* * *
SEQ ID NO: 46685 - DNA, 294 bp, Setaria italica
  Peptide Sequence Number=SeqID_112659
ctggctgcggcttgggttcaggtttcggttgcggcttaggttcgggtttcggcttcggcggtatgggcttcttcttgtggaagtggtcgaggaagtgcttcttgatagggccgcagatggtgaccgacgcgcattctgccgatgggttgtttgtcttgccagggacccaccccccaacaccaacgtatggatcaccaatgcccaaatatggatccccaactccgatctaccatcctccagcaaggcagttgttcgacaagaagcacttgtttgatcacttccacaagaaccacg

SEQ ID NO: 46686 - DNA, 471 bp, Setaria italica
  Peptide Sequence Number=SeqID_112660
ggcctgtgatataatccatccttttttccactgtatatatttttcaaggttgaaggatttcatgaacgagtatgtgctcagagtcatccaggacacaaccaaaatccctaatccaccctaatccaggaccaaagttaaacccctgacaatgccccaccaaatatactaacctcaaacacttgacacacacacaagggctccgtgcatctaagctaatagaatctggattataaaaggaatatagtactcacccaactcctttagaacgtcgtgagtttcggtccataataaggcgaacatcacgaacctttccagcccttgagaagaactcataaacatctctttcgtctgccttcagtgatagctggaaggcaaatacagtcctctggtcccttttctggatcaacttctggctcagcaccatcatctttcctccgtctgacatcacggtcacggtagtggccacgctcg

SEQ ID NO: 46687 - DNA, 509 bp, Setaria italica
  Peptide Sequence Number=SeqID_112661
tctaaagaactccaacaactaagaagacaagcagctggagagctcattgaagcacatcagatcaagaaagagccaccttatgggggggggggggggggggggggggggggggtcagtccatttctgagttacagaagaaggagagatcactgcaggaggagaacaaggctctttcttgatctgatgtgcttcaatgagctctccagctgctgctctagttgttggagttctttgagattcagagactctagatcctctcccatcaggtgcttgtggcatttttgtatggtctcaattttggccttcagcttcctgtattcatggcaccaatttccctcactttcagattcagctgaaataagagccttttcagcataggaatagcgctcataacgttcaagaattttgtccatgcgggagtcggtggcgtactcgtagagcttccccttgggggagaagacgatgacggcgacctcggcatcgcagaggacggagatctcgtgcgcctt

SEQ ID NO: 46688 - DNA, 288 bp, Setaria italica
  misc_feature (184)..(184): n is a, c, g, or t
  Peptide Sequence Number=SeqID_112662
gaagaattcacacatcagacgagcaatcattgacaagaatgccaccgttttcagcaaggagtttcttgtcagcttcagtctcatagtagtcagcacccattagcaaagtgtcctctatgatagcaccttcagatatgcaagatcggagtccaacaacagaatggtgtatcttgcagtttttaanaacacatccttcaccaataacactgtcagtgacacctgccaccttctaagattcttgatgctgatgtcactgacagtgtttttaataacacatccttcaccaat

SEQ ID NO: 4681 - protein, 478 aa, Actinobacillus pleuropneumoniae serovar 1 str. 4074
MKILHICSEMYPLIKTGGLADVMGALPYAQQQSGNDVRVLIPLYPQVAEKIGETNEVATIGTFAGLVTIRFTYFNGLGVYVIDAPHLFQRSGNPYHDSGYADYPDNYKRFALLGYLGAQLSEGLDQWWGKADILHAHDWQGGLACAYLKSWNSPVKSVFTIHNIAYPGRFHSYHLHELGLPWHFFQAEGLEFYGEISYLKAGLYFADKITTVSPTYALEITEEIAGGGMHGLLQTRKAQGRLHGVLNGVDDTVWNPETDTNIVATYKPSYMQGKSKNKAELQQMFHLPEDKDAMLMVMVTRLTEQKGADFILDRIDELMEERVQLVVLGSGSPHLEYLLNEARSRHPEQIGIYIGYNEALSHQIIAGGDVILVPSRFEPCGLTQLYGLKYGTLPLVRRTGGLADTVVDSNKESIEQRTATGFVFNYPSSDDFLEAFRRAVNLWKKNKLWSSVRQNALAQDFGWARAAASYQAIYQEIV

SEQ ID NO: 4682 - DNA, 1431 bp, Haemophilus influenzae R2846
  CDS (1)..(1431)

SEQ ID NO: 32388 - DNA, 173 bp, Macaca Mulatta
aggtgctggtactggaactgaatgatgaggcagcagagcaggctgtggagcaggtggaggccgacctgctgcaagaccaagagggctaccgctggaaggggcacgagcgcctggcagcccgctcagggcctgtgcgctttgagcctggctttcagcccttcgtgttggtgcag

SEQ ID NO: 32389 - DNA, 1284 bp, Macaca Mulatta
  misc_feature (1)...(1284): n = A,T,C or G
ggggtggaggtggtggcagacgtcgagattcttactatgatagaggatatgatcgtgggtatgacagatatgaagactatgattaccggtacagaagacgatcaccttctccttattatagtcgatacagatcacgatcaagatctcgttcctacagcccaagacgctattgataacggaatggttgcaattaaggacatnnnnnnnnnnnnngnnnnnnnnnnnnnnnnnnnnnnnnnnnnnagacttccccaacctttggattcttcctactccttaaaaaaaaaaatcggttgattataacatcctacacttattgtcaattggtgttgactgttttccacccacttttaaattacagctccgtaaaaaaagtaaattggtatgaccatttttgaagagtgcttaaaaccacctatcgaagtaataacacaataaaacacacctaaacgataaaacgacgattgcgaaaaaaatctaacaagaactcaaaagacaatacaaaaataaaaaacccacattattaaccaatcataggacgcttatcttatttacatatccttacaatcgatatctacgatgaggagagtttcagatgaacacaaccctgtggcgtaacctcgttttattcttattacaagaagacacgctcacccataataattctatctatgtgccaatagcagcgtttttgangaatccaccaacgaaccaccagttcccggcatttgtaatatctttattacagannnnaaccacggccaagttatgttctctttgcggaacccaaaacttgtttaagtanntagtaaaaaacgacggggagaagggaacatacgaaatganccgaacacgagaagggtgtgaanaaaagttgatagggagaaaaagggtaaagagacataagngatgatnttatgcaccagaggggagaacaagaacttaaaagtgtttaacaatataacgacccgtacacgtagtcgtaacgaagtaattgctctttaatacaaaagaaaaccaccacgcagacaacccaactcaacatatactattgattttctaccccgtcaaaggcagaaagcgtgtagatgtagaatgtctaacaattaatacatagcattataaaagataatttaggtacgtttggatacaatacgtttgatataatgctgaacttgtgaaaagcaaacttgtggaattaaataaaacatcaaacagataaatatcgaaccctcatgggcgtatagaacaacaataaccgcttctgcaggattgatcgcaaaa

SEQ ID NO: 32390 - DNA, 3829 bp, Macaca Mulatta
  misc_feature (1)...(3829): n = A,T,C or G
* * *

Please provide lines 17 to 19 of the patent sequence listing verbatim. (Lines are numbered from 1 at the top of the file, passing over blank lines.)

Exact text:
  CDS (1)..(1431)

SEQ ID NO: 32388 - DNA, 173 bp, Macaca Mulatta
aggtgctggtactggaactgaatgatgaggcagcagagcaggctgtggagcaggtggaggccgacctgctgcaagaccaagagggctaccgctggaaggggcacgagcgcctggcagcccgctcagggcctgtgcgctttgagcctggctttcagcccttcgtgttggtgcag